party/social connections to develope the initialy small local capitalist industrial enterprises now based on wage labour and rents(disguised as contracts) where obtainable

Thus the bourgeios/revisionist 'four freedoms" of capitalism were first re-established in the countryside on the base of the cheapest labour
products priced on the market competitively and therefore some even sold below their real value.
surplius value seized on the cheap.

One could even say that the potentialy of the forces of production ,for more labour producing wealth were liberated in the countryside short term by
capitalism ,IN A BOURGEIOS counter REVOLUTION of egalitarian "land reform ",but only at the cost of the eventual long term enslavment of the peasantry as
capitalisms FREE LABOURERS.

It was very difficult for the state run smaller enterprises to compete with those cheap waged labour enterprises only the most nimble could survive ,
particularly those once socialy owned enterprises.many were converted to privatised ,or profit in command enterprises,run eventualy with

entepreanual managers demanding a personal cut in any suplus value/profits ,as they do in the more openly capitalist west.

Just as if the formerly state enterprises built up on the re-invested or accumalated value produced by the working people were now their own

personal property to be exploited in partnership with even foreign capitalist/imperialist investors.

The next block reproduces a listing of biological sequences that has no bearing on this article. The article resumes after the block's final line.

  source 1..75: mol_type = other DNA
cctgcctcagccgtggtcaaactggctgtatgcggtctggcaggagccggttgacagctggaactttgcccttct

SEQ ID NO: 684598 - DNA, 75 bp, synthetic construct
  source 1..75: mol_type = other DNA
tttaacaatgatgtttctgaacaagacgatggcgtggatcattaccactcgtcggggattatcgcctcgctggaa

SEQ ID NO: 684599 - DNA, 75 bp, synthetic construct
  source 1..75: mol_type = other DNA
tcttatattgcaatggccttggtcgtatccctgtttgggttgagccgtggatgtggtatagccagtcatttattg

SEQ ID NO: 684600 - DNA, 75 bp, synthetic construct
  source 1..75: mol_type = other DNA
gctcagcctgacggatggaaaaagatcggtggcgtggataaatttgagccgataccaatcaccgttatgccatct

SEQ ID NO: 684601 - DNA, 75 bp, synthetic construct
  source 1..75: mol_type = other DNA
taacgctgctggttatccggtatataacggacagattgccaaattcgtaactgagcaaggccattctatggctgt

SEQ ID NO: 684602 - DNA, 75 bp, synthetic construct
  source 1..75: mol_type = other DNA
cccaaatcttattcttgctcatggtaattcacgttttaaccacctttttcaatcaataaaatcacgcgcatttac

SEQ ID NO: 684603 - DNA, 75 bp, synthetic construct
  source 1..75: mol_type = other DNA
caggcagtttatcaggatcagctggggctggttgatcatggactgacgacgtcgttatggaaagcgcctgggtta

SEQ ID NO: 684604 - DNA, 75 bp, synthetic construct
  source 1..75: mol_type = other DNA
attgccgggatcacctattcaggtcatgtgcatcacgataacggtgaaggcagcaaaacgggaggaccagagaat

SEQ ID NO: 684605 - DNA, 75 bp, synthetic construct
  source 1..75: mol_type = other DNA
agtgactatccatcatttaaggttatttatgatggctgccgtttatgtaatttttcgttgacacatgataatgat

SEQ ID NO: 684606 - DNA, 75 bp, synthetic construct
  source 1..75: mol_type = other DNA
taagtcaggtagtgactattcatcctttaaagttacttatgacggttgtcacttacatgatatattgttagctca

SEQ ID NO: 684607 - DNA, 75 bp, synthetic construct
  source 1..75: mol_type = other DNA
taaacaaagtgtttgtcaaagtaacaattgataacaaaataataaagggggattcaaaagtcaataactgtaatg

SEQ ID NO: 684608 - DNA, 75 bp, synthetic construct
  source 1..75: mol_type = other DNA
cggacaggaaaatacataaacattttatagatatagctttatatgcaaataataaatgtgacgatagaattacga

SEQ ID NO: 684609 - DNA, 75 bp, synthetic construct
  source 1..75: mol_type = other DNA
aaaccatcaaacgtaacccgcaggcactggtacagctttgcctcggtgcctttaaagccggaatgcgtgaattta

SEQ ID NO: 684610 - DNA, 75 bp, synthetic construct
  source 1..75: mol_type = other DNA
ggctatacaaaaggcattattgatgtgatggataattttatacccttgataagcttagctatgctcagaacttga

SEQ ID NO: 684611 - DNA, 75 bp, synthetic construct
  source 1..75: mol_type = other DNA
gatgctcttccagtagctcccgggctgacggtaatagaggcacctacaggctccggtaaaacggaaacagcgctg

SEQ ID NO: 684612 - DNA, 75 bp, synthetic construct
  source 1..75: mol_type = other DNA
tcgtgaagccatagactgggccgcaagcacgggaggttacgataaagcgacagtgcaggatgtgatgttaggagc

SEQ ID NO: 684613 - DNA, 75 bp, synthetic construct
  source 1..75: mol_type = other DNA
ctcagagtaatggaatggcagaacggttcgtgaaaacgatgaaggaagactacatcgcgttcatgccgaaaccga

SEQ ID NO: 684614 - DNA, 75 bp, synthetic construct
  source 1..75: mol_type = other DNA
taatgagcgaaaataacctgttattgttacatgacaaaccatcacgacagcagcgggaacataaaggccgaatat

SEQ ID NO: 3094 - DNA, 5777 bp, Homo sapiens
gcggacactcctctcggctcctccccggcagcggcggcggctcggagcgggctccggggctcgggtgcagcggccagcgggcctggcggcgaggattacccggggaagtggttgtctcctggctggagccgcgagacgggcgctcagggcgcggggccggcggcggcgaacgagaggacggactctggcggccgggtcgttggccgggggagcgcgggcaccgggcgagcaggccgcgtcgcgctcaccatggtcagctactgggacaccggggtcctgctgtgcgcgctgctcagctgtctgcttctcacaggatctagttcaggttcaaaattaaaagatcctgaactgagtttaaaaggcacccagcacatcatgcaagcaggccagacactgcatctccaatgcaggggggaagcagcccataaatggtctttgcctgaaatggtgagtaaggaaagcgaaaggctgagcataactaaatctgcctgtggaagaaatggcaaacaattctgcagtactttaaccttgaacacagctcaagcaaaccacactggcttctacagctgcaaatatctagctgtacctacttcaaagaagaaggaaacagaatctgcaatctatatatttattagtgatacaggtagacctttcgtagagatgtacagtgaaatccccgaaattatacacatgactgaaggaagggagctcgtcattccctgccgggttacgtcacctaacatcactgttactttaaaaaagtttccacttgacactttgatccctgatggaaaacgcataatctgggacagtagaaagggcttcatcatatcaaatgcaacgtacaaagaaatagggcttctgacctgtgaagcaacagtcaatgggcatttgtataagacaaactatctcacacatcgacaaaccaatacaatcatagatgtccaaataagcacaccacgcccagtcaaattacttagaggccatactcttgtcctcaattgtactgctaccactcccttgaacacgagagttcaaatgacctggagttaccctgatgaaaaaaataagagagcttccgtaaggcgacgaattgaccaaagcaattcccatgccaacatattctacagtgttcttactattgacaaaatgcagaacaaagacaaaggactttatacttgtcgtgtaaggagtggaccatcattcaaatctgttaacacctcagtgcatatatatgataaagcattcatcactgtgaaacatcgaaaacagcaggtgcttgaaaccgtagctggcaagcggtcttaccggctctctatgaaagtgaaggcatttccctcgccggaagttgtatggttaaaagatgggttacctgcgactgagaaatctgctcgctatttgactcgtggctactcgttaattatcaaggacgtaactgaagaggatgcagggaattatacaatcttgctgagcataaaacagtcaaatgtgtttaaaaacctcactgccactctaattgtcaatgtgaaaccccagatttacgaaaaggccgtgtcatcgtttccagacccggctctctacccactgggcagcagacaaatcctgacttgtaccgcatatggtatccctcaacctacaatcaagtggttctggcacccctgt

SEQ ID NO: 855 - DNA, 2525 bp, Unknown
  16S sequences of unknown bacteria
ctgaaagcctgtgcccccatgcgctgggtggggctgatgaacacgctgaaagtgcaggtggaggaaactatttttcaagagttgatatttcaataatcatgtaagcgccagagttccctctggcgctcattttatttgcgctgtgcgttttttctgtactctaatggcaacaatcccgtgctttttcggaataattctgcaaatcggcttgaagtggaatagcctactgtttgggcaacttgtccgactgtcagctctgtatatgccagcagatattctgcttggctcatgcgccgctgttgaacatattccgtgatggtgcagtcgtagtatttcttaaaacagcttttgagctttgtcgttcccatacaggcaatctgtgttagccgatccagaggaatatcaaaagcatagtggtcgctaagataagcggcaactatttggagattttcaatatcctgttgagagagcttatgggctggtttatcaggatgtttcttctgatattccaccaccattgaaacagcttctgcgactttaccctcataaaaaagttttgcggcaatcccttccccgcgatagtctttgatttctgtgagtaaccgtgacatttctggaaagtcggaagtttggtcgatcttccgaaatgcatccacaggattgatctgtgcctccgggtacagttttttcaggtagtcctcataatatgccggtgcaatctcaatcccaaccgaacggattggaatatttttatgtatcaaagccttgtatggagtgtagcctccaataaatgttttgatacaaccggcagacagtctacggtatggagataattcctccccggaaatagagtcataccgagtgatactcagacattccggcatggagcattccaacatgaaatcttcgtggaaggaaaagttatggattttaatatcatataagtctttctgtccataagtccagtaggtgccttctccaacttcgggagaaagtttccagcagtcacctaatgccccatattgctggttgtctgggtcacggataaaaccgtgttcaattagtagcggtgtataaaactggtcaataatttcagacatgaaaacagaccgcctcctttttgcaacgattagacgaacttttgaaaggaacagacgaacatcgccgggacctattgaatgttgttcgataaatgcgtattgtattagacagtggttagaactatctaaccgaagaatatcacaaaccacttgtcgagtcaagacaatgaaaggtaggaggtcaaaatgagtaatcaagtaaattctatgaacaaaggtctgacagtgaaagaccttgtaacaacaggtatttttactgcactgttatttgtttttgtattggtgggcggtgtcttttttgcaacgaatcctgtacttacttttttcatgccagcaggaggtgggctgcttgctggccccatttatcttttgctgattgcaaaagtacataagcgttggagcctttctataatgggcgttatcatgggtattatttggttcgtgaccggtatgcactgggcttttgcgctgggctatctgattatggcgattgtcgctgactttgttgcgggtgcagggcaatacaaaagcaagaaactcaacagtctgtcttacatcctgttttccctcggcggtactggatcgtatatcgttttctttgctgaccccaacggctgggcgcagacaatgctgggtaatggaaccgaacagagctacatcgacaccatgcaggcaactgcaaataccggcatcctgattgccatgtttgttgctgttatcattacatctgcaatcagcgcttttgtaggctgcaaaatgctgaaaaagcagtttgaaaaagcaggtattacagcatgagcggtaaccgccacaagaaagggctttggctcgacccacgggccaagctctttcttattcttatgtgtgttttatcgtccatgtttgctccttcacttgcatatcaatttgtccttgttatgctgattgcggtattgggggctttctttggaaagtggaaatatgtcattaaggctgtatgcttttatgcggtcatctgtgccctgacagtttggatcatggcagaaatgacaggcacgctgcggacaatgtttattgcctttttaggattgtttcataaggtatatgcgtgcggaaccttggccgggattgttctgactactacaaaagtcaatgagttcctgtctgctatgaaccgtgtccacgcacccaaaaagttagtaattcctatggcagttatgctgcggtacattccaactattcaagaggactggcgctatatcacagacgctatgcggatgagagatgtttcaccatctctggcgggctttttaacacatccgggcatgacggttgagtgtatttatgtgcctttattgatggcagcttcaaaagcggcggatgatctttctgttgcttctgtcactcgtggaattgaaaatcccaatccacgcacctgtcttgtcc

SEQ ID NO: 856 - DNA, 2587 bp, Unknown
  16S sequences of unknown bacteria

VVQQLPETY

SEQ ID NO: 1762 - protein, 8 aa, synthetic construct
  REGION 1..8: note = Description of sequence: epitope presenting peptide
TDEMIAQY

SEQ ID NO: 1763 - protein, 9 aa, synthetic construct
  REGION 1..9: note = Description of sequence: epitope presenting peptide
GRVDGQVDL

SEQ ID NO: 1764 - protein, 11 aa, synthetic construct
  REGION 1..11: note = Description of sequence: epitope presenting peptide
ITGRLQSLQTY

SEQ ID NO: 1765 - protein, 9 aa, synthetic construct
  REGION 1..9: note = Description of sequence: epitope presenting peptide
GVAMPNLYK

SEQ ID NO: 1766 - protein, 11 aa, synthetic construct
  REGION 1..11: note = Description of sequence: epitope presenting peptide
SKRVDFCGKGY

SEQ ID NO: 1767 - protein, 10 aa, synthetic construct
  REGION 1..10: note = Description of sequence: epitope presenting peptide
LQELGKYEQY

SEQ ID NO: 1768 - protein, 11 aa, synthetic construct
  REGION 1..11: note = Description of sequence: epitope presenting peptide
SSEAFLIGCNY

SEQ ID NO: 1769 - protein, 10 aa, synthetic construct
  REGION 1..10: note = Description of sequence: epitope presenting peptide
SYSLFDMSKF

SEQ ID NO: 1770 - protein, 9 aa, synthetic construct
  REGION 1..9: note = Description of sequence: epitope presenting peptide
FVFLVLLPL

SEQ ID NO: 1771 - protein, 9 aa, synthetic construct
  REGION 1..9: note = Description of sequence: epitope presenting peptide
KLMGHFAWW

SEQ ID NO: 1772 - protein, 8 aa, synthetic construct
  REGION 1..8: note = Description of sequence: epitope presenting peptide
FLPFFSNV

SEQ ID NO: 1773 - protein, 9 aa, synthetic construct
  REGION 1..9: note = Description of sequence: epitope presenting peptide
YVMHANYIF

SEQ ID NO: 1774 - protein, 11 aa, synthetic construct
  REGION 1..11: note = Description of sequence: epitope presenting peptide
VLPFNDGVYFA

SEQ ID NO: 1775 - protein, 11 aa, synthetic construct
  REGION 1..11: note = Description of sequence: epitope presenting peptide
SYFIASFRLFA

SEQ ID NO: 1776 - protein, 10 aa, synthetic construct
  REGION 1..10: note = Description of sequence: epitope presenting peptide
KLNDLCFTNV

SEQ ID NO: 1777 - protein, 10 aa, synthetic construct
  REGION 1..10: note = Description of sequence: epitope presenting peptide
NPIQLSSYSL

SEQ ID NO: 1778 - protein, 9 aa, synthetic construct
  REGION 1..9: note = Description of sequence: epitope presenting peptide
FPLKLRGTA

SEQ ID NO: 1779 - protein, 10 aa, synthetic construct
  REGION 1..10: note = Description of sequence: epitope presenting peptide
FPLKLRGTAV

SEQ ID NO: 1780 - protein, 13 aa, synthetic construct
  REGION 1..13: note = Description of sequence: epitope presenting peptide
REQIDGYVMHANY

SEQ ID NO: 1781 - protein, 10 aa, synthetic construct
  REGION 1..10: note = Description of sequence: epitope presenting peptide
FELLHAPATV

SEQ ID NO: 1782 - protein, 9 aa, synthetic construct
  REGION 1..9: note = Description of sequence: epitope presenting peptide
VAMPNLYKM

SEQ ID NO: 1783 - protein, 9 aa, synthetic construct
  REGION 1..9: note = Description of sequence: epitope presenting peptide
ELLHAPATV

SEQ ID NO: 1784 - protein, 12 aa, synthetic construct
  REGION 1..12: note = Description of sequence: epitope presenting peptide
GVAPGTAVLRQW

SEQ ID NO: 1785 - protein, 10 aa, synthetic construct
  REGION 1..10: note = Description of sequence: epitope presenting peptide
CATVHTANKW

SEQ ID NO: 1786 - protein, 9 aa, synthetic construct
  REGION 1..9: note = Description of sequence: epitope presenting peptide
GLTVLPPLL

The vast peasantry,its initial prosperity in this restoration of private property in the land developed on the basis of bourgeios absolute egalitarianism in land ownership is now been converted on the basis of capitalist competition into the poverty stricken free labourer of capitalism.

And now many peasants are alienated from a land that is suffering from massive environmental attack for the short term interest of its effectevly now private owners.

The peasantry now function too ,as a huge cheap labour workers reserve army at the beck and call of these "managerial" capitalists as a "free" labour
force ,some without town residency rights, depressing in the competition for a living ,the wages of the town workers who have no security in land of
their own to fall back on.
And nothing to lose but their chains.

Thus the interests of the peasantry and the working classes are more and more identical.

Only socialism based not only on the working class but on the worker peasant alliance can save China and provide a good secure income and a decent way of living for aLL.